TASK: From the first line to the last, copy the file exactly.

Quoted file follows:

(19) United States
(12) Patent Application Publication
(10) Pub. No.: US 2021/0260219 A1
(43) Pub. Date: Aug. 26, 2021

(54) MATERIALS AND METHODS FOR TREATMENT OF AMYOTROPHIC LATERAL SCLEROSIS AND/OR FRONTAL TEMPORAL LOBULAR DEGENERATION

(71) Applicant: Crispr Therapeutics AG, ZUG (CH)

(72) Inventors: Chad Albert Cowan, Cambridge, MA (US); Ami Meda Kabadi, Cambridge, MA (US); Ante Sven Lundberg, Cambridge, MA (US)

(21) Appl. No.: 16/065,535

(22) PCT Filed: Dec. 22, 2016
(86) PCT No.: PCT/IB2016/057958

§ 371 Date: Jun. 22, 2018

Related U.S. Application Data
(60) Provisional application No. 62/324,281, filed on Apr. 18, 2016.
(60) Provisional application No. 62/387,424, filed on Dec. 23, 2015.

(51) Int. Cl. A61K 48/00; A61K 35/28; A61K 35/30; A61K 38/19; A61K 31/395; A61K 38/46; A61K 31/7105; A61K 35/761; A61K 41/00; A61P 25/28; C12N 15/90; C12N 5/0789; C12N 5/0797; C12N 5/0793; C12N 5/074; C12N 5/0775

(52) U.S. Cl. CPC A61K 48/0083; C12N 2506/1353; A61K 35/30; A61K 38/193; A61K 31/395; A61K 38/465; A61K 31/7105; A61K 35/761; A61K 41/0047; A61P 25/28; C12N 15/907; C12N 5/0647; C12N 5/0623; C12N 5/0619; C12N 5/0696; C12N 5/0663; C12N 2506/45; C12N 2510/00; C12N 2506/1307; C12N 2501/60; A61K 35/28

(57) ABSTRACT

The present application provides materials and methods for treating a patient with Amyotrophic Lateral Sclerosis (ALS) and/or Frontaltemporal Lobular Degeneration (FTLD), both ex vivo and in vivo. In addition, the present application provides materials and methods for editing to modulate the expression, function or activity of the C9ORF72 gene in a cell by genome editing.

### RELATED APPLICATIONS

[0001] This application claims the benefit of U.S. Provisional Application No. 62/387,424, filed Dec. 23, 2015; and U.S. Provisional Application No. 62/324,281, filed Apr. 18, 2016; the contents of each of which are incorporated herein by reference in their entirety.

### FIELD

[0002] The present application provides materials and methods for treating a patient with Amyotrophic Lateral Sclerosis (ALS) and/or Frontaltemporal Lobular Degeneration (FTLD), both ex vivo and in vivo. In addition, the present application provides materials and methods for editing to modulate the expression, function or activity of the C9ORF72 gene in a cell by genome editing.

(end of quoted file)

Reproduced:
(19) United States
(12) Patent Application Publication
(10) Pub. No.: US 2021/0260219 A1
(43) Pub. Date: Aug. 26, 2021

(54) MATERIALS AND METHODS FOR TREATMENT OF AMYOTROPHIC LATERAL SCLEROSIS AND/OR FRONTAL TEMPORAL LOBULAR DEGENERATION

(71) Applicant: Crispr Therapeutics AG, ZUG (CH)

(72) Inventors: Chad Albert Cowan, Cambridge, MA (US); Ami Meda Kabadi, Cambridge, MA (US); Ante Sven Lundberg, Cambridge, MA (US)

(21) Appl. No.: 16/065,535

(22) PCT Filed: Dec. 22, 2016
(86) PCT No.: PCT/IB2016/057958

§ 371 Date: Jun. 22, 2018

Related U.S. Application Data
(60) Provisional application No. 62/324,281, filed on Apr. 18, 2016.
(60) Provisional application No. 62/387,424, filed on Dec. 23, 2015.

(51) Int. Cl. A61K 48/00; A61K 35/28; A61K 35/30; A61K 38/19; A61K 31/395; A61K 38/46; A61K 31/7105; A61K 35/761; A61K 41/00; A61P 25/28; C12N 15/90; C12N 5/0789; C12N 5/0797; C12N 5/0793; C12N 5/074; C12N 5/0775

(52) U.S. Cl. CPC A61K 48/0083; C12N 2506/1353; A61K 35/30; A61K 38/193; A61K 31/395; A61K 38/465; A61K 31/7105; A61K 35/761; A61K 41/0047; A61P 25/28; C12N 15/907; C12N 5/0647; C12N 5/0623; C12N 5/0619; C12N 5/0696; C12N 5/0663; C12N 2506/45; C12N 2510/00; C12N 2506/1307; C12N 2501/60; A61K 35/28

(57) ABSTRACT

The present application provides materials and methods for treating a patient with Amyotrophic Lateral Sclerosis (ALS) and/or Frontaltemporal Lobular Degeneration (FTLD), both ex vivo and in vivo. In addition, the present application provides materials and methods for editing to modulate the expression, function or activity of the C9ORF72 gene in a cell by genome editing.

### RELATED APPLICATIONS

[0001] This application claims the benefit of U.S. Provisional Application No. 62/387,424, filed Dec. 23, 2015; and U.S. Provisional Application No. 62/324,281, filed Apr. 18, 2016; the contents of each of which are incorporated herein by reference in their entirety.

### FIELD

[0002] The present application provides materials and methods for treating a patient with Amyotrophic Lateral Sclerosis (ALS) and/or Frontaltemporal Lobular Degeneration (FTLD), both ex vivo and in vivo. In addition, the present application provides materials and methods for editing to modulate the expression, function or activity of the C9ORF72 gene in a cell by genome editing.